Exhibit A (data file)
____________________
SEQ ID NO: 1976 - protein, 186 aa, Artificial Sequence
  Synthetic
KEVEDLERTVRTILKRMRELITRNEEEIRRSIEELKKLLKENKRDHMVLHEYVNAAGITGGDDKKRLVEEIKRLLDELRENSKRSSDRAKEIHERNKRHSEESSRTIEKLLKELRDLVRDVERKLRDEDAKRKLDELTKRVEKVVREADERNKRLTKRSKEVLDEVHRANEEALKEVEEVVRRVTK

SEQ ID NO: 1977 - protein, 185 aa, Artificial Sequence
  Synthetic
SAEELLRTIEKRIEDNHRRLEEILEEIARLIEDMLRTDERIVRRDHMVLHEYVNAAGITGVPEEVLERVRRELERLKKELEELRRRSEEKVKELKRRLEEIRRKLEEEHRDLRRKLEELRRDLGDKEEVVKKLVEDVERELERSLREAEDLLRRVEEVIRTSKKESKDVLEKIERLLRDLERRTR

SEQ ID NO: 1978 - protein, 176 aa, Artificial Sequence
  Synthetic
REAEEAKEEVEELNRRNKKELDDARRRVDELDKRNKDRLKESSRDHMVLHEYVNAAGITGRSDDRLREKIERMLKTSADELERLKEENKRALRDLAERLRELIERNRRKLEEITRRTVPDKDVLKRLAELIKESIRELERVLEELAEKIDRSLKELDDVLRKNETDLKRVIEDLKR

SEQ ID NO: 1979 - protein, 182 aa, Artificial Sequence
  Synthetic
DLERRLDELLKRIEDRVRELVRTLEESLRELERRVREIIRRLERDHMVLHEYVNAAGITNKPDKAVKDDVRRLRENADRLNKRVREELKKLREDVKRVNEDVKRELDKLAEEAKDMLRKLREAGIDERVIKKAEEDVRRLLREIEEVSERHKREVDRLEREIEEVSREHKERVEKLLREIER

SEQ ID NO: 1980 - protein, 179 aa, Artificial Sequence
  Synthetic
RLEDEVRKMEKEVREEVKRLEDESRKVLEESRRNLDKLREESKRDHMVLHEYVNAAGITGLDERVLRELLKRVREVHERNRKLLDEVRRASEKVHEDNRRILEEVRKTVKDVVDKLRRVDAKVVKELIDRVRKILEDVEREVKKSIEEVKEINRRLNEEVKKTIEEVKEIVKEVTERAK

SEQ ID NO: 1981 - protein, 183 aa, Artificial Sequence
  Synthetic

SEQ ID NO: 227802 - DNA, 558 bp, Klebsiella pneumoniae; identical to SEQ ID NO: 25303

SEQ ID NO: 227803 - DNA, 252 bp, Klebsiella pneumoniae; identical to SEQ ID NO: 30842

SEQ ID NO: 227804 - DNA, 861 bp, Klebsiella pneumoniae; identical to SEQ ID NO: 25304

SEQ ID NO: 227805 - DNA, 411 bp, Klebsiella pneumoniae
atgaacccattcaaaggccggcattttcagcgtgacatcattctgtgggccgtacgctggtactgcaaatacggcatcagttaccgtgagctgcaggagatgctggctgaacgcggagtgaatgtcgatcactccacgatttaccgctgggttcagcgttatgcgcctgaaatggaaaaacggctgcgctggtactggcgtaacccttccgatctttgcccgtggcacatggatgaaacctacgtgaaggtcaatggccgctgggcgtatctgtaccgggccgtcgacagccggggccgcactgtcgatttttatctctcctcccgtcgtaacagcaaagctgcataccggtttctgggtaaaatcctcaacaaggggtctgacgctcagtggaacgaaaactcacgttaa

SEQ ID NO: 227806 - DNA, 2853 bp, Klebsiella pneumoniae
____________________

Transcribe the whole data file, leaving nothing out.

SEQ ID NO: 1976 - protein, 186 aa, Artificial Sequence
  Synthetic
KEVEDLERTVRTILKRMRELITRNEEEIRRSIEELKKLLKENKRDHMVLHEYVNAAGITGGDDKKRLVEEIKRLLDELRENSKRSSDRAKEIHERNKRHSEESSRTIEKLLKELRDLVRDVERKLRDEDAKRKLDELTKRVEKVVREADERNKRLTKRSKEVLDEVHRANEEALKEVEEVVRRVTK

SEQ ID NO: 1977 - protein, 185 aa, Artificial Sequence
  Synthetic
SAEELLRTIEKRIEDNHRRLEEILEEIARLIEDMLRTDERIVRRDHMVLHEYVNAAGITGVPEEVLERVRRELERLKKELEELRRRSEEKVKELKRRLEEIRRKLEEEHRDLRRKLEELRRDLGDKEEVVKKLVEDVERELERSLREAEDLLRRVEEVIRTSKKESKDVLEKIERLLRDLERRTR

SEQ ID NO: 1978 - protein, 176 aa, Artificial Sequence
  Synthetic
REAEEAKEEVEELNRRNKKELDDARRRVDELDKRNKDRLKESSRDHMVLHEYVNAAGITGRSDDRLREKIERMLKTSADELERLKEENKRALRDLAERLRELIERNRRKLEEITRRTVPDKDVLKRLAELIKESIRELERVLEELAEKIDRSLKELDDVLRKNETDLKRVIEDLKR

SEQ ID NO: 1979 - protein, 182 aa, Artificial Sequence
  Synthetic
DLERRLDELLKRIEDRVRELVRTLEESLRELERRVREIIRRLERDHMVLHEYVNAAGITNKPDKAVKDDVRRLRENADRLNKRVREELKKLREDVKRVNEDVKRELDKLAEEAKDMLRKLREAGIDERVIKKAEEDVRRLLREIEEVSERHKREVDRLEREIEEVSREHKERVEKLLREIER

SEQ ID NO: 1980 - protein, 179 aa, Artificial Sequence
  Synthetic
RLEDEVRKMEKEVREEVKRLEDESRKVLEESRRNLDKLREESKRDHMVLHEYVNAAGITGLDERVLRELLKRVREVHERNRKLLDEVRRASEKVHEDNRRILEEVRKTVKDVVDKLRRVDAKVVKELIDRVRKILEDVEREVKKSIEEVKEINRRLNEEVKKTIEEVKEIVKEVTERAK

SEQ ID NO: 1981 - protein, 183 aa, Artificial Sequence
  Synthetic

SEQ ID NO: 227802 - DNA, 558 bp, Klebsiella pneumoniae; identical to SEQ ID NO: 25303

SEQ ID NO: 227803 - DNA, 252 bp, Klebsiella pneumoniae; identical to SEQ ID NO: 30842

SEQ ID NO: 227804 - DNA, 861 bp, Klebsiella pneumoniae; identical to SEQ ID NO: 25304

SEQ ID NO: 227805 - DNA, 411 bp, Klebsiella pneumoniae
atgaacccattcaaaggccggcattttcagcgtgacatcattctgtgggccgtacgctggtactgcaaatacggcatcagttaccgtgagctgcaggagatgctggctgaacgcggagtgaatgtcgatcactccacgatttaccgctgggttcagcgttatgcgcctgaaatggaaaaacggctgcgctggtactggcgtaacccttccgatctttgcccgtggcacatggatgaaacctacgtgaaggtcaatggccgctgggcgtatctgtaccgggccgtcgacagccggggccgcactgtcgatttttatctctcctcccgtcgtaacagcaaagctgcataccggtttctgggtaaaatcctcaacaaggggtctgacgctcagtggaacgaaaactcacgttaa

SEQ ID NO: 227806 - DNA, 2853 bp, Klebsiella pneumoniae